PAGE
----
Second phase of Hall Street project gets loaded in the barrel
The second phase of the multi-million dollar Hall Street project might still be in the development stage, but it won’t be staying there for long, says the city’s mayor.
Mayor Deb Kozak said the Hall Street “Stores to Shores Revitalization Project” — which began last year with phase one — is not considered complete until phase two is done, sometime within the next year.
“Phase two has to be completed,” she said. “It really exemplifies the vision of what we are trying to achieve, straight through to the waterfront; and it opens up that waterfront vista to the community.”
On Monday Rob Fershau, manager of MMM Group Limited, the consultant firm that designed phase one and will handle phase two, gave council an update on where the next phase was situated.
With an approved design from 2013 still in hand, Fershau said the second phase will connect the heart of the city’s downtown — Baker Street — to the waterfront, and open up the waterfront like never before.
“We are looking at this street as a catalyst for development, not only for the waterfront but for the downtown,” he said.
Although there are still a lot of utility upgrades that will have to happen in phase two, the real theme of the second phase is about creating a better pedestrian experience, Fershau explained.
Colin Innes, the city’s director of Public Works and Utilities, made no bones about the fact phase two will contain some extreme challenges, said Kozak.
“But it is well worth doing,” Kozak said.
If phase two was to move forward, the next steep would be to take it to a preliminary design level, and then to the public and stakeholders for consultation, then wrap up the final design and tender it out for construction.
From Lake to Front street
Fershau said from Lake Street to Front Street is very challenging. He said the block would have to be designed “in order to become a catalyst for future development.”
The curb will be “rolled” with angled parking (to respond to future redevelopment opportunities) and will use trees and hoarding to mask the northeast corner development site.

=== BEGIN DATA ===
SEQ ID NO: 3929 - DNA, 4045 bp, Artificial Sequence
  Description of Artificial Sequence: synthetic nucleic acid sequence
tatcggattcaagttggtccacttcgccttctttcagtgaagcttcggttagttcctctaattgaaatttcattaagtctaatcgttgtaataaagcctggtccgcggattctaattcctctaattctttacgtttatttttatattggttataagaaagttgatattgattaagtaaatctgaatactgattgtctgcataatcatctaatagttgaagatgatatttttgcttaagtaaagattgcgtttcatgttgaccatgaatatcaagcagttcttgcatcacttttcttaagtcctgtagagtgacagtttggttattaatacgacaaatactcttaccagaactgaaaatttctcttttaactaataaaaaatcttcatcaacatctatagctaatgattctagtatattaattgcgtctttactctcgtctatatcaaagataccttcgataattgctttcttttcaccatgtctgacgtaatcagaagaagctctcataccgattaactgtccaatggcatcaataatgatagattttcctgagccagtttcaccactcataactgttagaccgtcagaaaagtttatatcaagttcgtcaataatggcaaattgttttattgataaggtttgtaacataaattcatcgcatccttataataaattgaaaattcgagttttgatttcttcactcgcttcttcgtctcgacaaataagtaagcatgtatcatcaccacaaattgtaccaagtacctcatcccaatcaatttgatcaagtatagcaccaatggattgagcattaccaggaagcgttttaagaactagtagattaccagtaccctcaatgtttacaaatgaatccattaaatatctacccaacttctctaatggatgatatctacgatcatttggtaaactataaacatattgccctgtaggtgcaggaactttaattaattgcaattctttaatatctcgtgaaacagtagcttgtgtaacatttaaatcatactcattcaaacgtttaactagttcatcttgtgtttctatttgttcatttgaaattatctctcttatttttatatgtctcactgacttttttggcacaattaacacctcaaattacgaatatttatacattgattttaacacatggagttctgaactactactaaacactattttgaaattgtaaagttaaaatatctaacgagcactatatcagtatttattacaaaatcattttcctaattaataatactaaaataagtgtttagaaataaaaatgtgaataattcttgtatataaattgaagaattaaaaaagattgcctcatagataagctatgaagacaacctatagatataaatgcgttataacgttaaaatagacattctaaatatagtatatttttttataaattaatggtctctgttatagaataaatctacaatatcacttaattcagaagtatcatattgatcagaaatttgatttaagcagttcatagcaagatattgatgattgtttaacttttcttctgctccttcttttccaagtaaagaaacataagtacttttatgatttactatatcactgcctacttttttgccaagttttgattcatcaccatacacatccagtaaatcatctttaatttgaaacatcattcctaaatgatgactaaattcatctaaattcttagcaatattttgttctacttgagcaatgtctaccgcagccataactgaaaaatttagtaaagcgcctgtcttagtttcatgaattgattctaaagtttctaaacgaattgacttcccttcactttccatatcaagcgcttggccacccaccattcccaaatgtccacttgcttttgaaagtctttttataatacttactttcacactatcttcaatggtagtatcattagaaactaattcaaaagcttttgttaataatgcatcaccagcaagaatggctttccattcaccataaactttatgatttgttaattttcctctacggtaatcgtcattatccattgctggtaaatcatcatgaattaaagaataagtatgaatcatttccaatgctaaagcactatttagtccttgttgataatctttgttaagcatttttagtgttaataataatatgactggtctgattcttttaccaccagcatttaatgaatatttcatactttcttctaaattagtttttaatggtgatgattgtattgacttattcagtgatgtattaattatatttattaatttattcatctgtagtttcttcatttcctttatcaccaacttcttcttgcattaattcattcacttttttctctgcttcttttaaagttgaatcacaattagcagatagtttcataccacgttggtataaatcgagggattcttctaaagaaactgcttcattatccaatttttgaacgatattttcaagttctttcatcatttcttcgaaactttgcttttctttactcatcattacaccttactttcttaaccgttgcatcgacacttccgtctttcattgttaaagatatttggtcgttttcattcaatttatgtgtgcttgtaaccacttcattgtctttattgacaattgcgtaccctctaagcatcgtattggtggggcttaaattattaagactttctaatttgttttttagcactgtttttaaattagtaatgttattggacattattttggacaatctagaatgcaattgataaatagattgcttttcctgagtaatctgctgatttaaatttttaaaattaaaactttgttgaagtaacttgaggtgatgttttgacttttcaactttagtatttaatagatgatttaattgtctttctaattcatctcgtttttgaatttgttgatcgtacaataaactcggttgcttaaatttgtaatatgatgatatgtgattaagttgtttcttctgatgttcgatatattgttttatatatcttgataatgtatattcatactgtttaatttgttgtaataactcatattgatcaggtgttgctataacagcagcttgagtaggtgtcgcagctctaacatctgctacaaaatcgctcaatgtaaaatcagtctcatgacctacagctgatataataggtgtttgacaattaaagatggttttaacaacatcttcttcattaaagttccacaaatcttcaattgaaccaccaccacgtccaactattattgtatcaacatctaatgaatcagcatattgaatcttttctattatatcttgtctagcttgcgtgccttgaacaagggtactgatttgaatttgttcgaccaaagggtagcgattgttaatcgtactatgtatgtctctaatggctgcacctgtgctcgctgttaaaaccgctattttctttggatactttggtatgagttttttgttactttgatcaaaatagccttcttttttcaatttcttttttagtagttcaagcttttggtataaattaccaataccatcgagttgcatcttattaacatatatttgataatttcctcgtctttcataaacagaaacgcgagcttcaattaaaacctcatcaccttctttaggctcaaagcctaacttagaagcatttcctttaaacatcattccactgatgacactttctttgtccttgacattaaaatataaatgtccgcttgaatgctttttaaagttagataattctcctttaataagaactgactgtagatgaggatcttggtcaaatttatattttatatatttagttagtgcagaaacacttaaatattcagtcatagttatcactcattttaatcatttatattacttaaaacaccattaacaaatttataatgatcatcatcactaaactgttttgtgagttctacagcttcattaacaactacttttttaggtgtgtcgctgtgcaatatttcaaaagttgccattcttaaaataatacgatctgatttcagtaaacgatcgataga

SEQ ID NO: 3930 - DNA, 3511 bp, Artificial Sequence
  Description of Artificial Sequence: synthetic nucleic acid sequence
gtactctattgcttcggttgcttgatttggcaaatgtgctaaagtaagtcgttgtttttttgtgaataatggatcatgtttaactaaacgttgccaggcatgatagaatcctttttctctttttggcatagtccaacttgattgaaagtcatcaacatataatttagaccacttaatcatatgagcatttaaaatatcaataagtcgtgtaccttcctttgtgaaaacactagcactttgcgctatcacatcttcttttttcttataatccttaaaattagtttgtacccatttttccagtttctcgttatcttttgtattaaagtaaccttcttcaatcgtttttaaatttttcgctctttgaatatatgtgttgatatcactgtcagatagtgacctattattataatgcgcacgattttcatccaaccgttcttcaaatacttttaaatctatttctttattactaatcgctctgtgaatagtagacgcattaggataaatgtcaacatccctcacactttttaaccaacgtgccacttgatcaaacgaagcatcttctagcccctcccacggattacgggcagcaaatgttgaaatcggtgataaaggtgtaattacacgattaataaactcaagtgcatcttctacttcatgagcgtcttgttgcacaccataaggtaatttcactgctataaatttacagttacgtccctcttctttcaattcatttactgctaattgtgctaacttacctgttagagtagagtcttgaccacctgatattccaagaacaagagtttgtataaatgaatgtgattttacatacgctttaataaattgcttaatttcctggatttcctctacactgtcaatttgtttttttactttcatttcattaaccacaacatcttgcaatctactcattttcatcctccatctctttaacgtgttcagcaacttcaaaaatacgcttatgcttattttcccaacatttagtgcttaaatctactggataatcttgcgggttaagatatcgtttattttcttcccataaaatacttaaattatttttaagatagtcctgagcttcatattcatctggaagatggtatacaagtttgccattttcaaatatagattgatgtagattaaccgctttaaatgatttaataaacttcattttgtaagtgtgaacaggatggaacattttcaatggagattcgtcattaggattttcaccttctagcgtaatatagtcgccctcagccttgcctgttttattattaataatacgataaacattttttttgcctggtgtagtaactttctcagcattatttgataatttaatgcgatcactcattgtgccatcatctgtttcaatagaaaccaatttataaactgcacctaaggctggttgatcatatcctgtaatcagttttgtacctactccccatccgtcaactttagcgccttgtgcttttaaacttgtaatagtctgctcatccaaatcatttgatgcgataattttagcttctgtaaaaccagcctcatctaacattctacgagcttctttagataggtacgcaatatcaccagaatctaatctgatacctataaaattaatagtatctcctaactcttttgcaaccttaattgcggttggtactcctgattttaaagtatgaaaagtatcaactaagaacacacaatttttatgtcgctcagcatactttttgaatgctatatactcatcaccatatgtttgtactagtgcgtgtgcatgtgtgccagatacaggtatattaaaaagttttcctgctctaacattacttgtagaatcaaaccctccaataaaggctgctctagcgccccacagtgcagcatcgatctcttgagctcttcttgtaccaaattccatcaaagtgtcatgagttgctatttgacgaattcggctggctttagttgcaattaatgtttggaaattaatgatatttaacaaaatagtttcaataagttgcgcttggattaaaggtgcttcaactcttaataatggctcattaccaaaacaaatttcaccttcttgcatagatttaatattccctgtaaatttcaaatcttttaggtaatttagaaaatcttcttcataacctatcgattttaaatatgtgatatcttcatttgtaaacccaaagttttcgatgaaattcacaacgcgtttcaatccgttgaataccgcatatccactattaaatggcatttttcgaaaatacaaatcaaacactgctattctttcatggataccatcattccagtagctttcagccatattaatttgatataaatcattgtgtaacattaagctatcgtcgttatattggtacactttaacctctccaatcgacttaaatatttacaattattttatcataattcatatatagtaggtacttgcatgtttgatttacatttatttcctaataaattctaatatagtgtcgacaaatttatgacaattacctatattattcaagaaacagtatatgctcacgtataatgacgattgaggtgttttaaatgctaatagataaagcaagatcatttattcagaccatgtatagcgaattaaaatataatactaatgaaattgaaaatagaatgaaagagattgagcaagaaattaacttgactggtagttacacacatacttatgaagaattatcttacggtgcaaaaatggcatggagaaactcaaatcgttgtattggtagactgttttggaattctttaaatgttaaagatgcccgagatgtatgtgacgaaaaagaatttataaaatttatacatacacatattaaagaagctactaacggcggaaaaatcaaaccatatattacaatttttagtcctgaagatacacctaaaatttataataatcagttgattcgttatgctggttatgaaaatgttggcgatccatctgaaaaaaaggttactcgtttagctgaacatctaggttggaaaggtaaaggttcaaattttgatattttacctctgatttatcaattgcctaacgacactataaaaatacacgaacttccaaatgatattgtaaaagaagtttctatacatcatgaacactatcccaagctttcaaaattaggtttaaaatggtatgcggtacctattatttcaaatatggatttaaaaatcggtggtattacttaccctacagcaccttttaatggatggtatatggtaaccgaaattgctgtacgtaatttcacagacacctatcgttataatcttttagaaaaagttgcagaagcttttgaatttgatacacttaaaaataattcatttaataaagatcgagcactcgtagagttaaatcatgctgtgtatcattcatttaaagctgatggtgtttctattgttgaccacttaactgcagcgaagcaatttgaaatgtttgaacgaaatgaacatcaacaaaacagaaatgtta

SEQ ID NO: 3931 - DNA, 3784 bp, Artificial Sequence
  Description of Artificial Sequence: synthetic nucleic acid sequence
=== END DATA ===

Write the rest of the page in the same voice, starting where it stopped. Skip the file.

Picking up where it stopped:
The yield lane width from Hall Street onto Front Street will be reduced, increasing the size of the pedestrian island.
The aim of the shores development is to reclaim the waterfront connection to the lake, expand the park and event areas.
“We really wanted to reclaim the waterfront and form a reconnection to the lake,” said Fershau. “The waterfront is beautiful but very challenging for a pedestrian to find.”
It will include a waterfront plaza, the major connection to waterfront walkway. Planting will be increased and plaza areas will still accommodate service vehicles.
The gazebo will be removed or relocated to improve site lines to wharf and terraced steps will be put into place leading down to the water.
There will also be a large public art feature located on the waterfront.
Front to Lakeside
The block would see improved sidewalk and boulevard treatment on both sides, and provide three metres of boulevard on the east side to allow for parallel parking if future redevelopment occurs to the lot line.
The CPR right-of-way would be maintained, but parking at the southwest corner would be removed. The intersection at Lakeside Drive would be “improved.”
The city is currently negotiating with Ministry of Highways on what can be done.
Stores to Shores
The overall vision of the project is to create two robust, vital and connected neighbourhoods; each defined by individual characteristics, yet more strongly linked together by better connections so that the energy of each contributes to the other.
The downtown will continue to function as the commercial core of the city. Additional development will emphasize mixed-use projects that add residents to the area.
The waterfront will be a mixed-use district with the most intensive forms of residential housing, commercial, light industrial, and water-oriented parks and activities.